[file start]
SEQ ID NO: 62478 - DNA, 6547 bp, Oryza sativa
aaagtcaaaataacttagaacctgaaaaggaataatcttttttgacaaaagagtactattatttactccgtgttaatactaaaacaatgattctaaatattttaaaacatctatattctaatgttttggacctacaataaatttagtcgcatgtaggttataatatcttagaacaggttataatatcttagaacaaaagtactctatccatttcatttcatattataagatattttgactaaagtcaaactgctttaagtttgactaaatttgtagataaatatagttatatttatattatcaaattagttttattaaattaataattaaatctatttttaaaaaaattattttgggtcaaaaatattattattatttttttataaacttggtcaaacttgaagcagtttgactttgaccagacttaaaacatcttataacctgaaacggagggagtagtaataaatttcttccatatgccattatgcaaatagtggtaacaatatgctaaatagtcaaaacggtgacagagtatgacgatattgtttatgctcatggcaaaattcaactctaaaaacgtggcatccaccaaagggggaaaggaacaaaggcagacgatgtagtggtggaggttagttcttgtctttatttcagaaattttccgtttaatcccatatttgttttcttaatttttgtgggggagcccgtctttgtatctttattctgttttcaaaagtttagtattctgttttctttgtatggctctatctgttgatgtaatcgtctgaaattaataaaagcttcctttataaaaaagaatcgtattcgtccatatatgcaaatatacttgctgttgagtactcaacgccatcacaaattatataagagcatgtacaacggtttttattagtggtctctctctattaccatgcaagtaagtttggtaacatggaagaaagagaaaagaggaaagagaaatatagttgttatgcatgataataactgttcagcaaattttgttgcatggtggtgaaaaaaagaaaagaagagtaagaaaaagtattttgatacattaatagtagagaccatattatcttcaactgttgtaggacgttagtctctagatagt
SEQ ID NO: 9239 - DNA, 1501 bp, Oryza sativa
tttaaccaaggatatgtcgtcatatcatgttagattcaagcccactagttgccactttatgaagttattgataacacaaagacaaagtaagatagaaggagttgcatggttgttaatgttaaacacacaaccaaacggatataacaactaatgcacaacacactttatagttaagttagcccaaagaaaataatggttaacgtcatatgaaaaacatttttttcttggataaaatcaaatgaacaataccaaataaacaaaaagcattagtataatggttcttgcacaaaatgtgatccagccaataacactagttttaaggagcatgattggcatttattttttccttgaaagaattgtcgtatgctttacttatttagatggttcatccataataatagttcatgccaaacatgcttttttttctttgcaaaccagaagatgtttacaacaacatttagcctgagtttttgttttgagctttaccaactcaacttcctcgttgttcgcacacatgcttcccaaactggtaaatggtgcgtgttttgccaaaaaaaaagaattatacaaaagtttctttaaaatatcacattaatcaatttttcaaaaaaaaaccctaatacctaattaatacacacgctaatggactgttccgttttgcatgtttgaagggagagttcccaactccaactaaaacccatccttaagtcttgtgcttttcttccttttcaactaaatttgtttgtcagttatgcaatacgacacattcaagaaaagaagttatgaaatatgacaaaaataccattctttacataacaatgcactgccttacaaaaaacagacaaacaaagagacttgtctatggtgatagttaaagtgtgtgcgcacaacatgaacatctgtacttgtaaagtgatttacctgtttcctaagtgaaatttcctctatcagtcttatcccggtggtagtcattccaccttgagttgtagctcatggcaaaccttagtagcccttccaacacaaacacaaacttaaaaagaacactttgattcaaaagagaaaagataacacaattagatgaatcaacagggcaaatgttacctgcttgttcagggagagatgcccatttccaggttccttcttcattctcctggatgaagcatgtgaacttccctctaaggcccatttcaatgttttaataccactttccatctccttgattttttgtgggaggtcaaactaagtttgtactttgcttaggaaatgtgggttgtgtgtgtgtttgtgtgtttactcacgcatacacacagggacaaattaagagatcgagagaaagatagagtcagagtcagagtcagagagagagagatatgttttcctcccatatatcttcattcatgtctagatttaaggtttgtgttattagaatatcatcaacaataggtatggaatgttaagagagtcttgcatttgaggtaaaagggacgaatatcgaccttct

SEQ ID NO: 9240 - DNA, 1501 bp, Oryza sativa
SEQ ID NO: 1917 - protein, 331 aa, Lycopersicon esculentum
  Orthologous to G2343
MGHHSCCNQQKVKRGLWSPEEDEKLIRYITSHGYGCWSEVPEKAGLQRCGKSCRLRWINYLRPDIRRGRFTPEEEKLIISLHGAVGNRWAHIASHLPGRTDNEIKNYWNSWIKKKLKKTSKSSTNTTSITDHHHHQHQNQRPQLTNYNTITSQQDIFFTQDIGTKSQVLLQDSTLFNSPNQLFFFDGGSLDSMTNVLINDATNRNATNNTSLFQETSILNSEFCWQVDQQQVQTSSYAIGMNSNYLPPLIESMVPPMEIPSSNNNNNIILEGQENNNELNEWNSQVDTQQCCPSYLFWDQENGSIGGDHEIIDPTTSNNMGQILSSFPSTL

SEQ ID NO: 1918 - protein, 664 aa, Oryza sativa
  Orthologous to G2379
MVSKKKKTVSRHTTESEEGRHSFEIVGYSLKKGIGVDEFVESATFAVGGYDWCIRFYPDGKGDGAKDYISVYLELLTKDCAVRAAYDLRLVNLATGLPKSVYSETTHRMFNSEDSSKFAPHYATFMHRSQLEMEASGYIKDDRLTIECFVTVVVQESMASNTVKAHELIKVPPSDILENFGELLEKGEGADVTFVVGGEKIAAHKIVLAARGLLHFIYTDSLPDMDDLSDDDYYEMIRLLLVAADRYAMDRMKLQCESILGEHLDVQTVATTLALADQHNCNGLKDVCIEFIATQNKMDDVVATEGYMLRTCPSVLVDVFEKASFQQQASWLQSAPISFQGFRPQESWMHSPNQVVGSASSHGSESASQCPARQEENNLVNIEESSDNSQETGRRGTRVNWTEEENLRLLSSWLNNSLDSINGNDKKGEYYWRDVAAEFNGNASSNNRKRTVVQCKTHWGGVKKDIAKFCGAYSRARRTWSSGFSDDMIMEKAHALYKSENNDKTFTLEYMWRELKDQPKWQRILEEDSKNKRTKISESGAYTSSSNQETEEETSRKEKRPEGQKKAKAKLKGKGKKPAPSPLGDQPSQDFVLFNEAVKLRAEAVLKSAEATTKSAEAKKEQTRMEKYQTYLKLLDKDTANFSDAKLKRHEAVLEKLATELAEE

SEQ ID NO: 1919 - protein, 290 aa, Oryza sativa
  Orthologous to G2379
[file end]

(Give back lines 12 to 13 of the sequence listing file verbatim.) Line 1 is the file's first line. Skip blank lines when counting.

SEQ ID NO: 1919 - protein, 290 aa, Oryza sativa
  Orthologous to G2379